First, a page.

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The closest syntax is as follows: interface MyInterface { [index: string]: any; num: number; func: Function; } var a: MyInterface = { num: 123, func: function () {}, prop1: 'Hello', prop2: 'World' }; The type "any" must be used because the properties "num" and "func" are not strings: While index signatures are a powerful ...


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You need to build a definition for the external JavaScript. The best way to start with this is to look at your usage. For example, I have taken the "Hello World" example from the documentation: function HelloWorld() { var url = 'http://localhost/'; var pl = new SOAPClientParameters(); SOAPClient.invoke(url, "HelloWorld", pl, true, ...


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The Visual Studio "TypeScript Build" section has a checkbox for "Generate source maps" that is tied to the build configuration. Also tsc has the --sourcemap parameter that you can either include (to generate) or exclude (to not). Most node-based builders (such as grunt-ts) also have this functionality via the config json file. Any of these options should ...


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The type information in TypeScript is all erased during compilation, so you can't directly use any of the generic types, for example, at runtime. So here is what you can do... You can create classes by name by passing the name as a string. Yes; this involves waving your magic-string-wand. You also need to be aware of anything in your toolchain that may ...


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The class definition must come before any code that attempts to use it. This usually goes wrong in one of two ways: Oops, I have two files now Problem: You have foo.ts and decide to split it into foo.ts and bar.ts. This compiles into foo.js and bar.js, but your HTML page only says <script src="foo.js"></script> Solution: Fix your HTML page ...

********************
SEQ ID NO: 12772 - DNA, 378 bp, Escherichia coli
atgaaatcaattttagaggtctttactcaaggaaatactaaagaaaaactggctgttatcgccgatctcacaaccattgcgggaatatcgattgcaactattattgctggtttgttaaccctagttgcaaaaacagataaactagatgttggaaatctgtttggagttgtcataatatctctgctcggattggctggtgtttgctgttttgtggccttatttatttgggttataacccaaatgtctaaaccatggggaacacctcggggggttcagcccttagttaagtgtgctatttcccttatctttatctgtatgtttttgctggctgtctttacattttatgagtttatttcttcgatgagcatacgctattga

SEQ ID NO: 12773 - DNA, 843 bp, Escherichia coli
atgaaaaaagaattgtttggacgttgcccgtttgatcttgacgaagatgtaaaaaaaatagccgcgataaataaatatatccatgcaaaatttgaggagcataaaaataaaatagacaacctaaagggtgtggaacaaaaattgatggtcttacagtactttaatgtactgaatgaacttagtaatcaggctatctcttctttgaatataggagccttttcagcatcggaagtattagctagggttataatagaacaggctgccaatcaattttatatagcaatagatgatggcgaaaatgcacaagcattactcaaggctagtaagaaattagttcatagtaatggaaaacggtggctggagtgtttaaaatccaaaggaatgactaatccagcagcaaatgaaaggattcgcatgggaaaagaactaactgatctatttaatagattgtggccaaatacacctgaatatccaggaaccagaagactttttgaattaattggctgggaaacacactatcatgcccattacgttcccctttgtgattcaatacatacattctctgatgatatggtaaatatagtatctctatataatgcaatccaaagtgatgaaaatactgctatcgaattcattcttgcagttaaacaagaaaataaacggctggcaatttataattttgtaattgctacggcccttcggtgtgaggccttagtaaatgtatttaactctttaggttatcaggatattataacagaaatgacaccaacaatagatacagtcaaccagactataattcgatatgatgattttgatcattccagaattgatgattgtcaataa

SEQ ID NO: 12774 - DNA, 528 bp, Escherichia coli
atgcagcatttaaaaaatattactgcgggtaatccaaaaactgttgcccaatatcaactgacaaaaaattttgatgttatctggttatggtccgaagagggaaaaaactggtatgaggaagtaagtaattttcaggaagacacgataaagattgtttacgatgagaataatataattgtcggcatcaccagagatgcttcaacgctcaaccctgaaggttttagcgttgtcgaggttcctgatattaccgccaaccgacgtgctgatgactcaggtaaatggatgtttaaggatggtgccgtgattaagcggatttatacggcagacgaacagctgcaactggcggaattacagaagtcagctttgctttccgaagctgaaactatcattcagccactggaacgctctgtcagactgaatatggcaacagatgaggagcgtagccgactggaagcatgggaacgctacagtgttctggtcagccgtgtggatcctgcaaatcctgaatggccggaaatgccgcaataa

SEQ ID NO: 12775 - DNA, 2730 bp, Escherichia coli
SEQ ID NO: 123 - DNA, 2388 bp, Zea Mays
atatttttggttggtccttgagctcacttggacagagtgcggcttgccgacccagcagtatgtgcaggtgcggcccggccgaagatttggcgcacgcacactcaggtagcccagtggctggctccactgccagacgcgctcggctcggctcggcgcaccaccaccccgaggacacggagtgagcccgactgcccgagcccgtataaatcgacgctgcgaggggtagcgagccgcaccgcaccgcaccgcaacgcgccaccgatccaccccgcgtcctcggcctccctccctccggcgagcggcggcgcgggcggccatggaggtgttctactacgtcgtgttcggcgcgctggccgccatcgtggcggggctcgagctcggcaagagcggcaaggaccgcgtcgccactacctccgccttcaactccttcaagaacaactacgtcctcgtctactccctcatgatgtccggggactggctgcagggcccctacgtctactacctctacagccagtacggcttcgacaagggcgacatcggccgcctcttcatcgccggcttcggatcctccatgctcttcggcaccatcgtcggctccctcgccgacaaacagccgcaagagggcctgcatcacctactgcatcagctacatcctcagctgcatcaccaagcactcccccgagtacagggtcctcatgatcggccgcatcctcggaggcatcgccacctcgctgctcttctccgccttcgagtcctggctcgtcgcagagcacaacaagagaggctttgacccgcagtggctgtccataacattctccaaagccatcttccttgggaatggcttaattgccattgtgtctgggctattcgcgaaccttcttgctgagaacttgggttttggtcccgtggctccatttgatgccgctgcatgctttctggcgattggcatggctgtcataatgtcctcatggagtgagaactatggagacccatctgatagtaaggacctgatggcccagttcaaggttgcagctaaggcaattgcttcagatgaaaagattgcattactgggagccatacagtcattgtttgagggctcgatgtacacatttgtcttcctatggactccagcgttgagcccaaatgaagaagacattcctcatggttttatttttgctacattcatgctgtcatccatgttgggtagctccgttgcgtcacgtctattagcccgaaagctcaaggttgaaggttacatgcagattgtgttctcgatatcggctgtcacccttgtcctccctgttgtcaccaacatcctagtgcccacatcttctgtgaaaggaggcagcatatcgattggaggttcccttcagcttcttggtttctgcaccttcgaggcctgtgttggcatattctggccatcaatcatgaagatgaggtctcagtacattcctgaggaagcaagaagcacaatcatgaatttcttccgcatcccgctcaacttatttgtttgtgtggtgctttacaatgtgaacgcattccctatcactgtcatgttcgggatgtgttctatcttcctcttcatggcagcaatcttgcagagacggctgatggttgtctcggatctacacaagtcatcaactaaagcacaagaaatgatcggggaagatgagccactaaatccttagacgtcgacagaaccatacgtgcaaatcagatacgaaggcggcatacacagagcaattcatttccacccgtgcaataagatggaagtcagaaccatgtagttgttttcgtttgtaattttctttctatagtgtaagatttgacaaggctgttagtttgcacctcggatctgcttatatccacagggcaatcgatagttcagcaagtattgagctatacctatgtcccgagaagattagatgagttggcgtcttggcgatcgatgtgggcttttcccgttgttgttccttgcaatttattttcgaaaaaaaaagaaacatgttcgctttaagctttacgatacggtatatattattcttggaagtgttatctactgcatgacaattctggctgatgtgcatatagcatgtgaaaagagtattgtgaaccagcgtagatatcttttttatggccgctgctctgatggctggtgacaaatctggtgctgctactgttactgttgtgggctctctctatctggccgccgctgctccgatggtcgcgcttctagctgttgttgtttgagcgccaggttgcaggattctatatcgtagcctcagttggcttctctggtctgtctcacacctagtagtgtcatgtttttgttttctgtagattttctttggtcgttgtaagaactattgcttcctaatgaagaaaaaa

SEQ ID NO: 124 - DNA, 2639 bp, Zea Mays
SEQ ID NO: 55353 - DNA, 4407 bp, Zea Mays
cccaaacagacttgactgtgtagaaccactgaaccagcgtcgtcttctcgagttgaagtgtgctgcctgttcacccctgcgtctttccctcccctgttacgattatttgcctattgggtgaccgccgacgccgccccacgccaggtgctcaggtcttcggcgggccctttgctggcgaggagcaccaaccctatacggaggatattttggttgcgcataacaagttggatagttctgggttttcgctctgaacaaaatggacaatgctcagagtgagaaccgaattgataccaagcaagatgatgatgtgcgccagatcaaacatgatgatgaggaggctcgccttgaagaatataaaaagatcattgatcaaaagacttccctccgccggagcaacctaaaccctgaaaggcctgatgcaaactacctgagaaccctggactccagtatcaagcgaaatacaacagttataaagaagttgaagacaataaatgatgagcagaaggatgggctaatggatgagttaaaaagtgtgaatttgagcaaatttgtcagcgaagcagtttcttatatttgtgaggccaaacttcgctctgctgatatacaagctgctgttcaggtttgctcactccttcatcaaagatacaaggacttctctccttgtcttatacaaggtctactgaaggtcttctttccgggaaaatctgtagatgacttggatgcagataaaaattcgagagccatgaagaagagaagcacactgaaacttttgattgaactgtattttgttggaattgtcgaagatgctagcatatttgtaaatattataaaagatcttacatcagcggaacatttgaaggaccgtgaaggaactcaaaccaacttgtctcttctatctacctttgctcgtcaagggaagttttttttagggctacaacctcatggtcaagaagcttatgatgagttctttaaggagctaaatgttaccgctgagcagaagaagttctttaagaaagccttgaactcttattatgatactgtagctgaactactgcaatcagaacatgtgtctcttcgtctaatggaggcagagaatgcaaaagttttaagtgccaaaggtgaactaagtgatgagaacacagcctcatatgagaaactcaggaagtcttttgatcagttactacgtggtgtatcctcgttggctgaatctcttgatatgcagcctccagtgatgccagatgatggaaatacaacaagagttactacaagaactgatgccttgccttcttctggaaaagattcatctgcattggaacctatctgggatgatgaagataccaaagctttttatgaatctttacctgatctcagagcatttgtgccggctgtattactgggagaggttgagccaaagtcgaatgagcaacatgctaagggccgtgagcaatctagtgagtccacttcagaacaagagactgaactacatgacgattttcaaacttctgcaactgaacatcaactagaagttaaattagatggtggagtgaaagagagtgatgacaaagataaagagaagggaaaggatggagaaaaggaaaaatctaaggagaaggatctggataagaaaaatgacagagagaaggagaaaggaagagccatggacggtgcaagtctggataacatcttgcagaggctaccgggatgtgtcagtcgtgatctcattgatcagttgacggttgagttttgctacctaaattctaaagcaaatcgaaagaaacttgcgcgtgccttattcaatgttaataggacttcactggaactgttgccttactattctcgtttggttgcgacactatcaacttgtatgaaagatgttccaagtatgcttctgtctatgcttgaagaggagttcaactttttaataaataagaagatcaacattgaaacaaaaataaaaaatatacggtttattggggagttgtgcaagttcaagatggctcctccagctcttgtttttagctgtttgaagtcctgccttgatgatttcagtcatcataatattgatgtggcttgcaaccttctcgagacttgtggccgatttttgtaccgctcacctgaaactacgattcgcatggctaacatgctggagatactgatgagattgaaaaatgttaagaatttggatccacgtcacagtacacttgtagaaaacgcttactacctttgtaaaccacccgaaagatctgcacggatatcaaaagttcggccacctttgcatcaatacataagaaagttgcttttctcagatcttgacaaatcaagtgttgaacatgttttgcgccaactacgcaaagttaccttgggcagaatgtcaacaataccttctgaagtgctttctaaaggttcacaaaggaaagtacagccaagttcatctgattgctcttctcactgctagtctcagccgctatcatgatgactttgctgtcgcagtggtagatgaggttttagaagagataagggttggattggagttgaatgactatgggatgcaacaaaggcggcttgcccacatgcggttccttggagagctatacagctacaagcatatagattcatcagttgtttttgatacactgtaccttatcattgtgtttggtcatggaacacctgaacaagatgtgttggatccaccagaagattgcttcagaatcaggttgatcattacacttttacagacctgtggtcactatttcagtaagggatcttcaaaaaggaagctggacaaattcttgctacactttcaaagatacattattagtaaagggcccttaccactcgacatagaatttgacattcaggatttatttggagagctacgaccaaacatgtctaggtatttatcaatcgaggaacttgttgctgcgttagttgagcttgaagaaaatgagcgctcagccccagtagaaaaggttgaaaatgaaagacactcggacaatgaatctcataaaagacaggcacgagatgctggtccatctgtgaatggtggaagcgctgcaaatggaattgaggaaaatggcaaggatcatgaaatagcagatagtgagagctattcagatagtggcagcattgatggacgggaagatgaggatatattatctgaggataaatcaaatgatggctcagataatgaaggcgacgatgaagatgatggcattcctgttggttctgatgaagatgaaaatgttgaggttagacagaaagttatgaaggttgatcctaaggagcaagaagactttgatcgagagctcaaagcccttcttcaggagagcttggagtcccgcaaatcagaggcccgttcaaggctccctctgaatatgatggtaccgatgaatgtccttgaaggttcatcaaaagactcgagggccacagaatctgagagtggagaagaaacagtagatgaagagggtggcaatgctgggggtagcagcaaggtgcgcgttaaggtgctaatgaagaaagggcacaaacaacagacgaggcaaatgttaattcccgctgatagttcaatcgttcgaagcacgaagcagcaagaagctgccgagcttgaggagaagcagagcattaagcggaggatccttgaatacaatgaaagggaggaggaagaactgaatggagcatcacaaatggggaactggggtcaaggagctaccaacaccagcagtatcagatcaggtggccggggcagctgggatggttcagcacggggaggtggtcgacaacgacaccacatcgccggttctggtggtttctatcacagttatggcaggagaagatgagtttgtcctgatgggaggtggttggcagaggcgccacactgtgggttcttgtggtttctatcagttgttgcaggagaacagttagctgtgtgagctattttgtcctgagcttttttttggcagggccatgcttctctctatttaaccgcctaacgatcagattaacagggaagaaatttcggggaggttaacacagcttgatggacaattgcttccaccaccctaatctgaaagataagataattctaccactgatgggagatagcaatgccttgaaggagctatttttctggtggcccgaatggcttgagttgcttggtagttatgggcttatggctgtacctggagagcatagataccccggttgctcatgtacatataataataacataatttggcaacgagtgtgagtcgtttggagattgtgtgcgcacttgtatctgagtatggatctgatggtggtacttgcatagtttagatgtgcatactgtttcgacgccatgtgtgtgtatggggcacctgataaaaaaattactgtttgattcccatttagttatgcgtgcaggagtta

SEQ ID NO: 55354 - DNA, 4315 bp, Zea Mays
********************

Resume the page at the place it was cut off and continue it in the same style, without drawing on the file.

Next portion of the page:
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You can do it. Just replace your instanceOf implementation with this one: public instanceOf(cls: { CLASS_NAME: string; }) { return cls.CLASS_NAME === this.className || super.instanceOf(cls); }


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If you are willing to accept the prototypal nature of JavaScript you can just use instanceof which checks the prototype chain: class Foo{} class Bar extends Foo{} class Bas{} var bar = new Bar(); console.log(bar instanceof Bar); // true console.log(bar instanceof Foo); // true console.log(bar instanceof Object); // true console.log(bar instanceof Bas); ...


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Since you are returning a promise i.e. return deferred.promise you need to use the promise at the other end i.e. : getjsonObjAsync().then((result)=>{ console.log(result); }); PS: prefer $http (and $http.get) over $.ajax.


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It seems that your problem with the non-refreshing UI is a json caching problem. Try to disable jquery ajax caching $.ajaxSetup({ cache: false }); globally or just temporarily for the request which causes the problem. IE is caching JSON responses, you wil find your response as a .json file in the temporary internet files folder :) More information can ...


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I think you might have misunderstood how promises work. They won't magically turn an asynchronous operation into a synchronous one so unless you want to block you won't be returning JSON from your method. The then property of the object you end up returning with your code is a function that registers a handler for the promise, it's used exactly like you did ...


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If you wanted to use it as a service you could do: yourAppModule.service('$',function(){return $;}); Which takes jquery from window and makes it an angular service. But it's just simpler to use jQuery off of window. PS: Its better if you put any DOM access in an angular directive. Controllers really aren't the place for manual DOM manipulation.